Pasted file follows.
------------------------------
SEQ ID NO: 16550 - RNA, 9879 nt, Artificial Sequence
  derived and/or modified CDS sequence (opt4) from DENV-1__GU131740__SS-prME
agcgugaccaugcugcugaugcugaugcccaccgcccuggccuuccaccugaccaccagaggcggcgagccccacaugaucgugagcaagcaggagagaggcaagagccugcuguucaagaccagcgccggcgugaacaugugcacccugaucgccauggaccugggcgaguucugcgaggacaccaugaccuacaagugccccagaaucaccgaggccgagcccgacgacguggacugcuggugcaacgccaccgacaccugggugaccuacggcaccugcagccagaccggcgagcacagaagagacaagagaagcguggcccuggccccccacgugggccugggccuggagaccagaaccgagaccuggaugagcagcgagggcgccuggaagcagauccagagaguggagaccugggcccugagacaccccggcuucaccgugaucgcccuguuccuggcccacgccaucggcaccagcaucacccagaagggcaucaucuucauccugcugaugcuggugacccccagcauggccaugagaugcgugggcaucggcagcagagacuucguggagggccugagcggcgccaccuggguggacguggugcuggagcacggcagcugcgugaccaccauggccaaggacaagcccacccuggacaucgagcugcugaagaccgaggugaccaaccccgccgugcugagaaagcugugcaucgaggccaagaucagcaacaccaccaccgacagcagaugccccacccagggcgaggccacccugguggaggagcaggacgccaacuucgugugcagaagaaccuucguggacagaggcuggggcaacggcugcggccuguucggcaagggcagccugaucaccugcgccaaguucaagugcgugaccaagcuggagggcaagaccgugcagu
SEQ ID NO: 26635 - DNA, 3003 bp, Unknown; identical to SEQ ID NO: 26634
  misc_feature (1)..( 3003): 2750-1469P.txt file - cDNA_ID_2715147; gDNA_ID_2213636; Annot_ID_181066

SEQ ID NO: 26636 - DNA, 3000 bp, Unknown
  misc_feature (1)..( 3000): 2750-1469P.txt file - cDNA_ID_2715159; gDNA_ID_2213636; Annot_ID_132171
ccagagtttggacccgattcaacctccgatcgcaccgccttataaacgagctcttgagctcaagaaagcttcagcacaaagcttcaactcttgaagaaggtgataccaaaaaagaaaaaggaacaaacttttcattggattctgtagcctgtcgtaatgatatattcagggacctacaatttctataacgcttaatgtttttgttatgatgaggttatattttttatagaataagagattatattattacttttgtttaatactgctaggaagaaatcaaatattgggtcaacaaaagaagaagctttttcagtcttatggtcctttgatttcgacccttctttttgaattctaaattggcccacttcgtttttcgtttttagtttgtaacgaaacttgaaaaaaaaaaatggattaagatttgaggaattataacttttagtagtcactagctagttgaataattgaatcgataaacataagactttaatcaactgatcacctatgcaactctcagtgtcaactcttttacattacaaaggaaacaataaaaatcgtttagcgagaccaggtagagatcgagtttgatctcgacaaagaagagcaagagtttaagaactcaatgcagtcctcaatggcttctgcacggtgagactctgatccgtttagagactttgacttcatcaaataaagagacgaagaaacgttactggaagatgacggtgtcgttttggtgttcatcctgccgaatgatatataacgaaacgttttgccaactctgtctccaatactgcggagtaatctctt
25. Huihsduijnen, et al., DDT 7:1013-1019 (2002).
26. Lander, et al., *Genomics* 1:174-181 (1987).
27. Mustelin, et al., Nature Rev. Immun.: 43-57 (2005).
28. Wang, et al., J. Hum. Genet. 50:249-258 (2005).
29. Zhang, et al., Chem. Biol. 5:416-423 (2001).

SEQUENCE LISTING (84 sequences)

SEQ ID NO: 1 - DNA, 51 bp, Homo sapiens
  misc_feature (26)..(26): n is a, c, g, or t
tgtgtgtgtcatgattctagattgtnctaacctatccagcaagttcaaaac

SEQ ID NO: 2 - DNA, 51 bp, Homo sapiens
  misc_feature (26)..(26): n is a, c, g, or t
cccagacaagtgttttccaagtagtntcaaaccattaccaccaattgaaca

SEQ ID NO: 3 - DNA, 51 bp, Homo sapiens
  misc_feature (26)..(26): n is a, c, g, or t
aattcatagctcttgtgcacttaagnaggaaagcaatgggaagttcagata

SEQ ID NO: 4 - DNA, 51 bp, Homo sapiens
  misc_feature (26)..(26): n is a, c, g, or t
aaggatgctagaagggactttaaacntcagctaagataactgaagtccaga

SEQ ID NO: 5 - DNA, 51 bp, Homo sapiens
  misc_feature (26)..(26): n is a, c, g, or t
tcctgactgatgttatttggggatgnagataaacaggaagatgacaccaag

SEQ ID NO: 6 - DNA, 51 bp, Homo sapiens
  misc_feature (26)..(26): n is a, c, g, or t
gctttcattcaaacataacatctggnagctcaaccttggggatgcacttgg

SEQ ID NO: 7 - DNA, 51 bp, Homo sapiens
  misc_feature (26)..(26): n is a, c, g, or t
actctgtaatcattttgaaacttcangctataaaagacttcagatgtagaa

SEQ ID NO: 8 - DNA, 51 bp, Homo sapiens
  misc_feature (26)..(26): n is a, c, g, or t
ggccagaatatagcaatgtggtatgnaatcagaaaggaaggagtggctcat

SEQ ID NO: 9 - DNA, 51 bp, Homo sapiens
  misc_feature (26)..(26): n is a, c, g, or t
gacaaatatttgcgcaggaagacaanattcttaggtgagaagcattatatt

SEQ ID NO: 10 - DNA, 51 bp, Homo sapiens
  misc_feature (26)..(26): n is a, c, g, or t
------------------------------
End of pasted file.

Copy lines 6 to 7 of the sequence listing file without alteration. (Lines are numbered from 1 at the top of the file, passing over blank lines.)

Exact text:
SEQ ID NO: 26636 - DNA, 3000 bp, Unknown
  misc_feature (1)..( 3000): 2750-1469P.txt file - cDNA_ID_2715159; gDNA_ID_2213636; Annot_ID_132171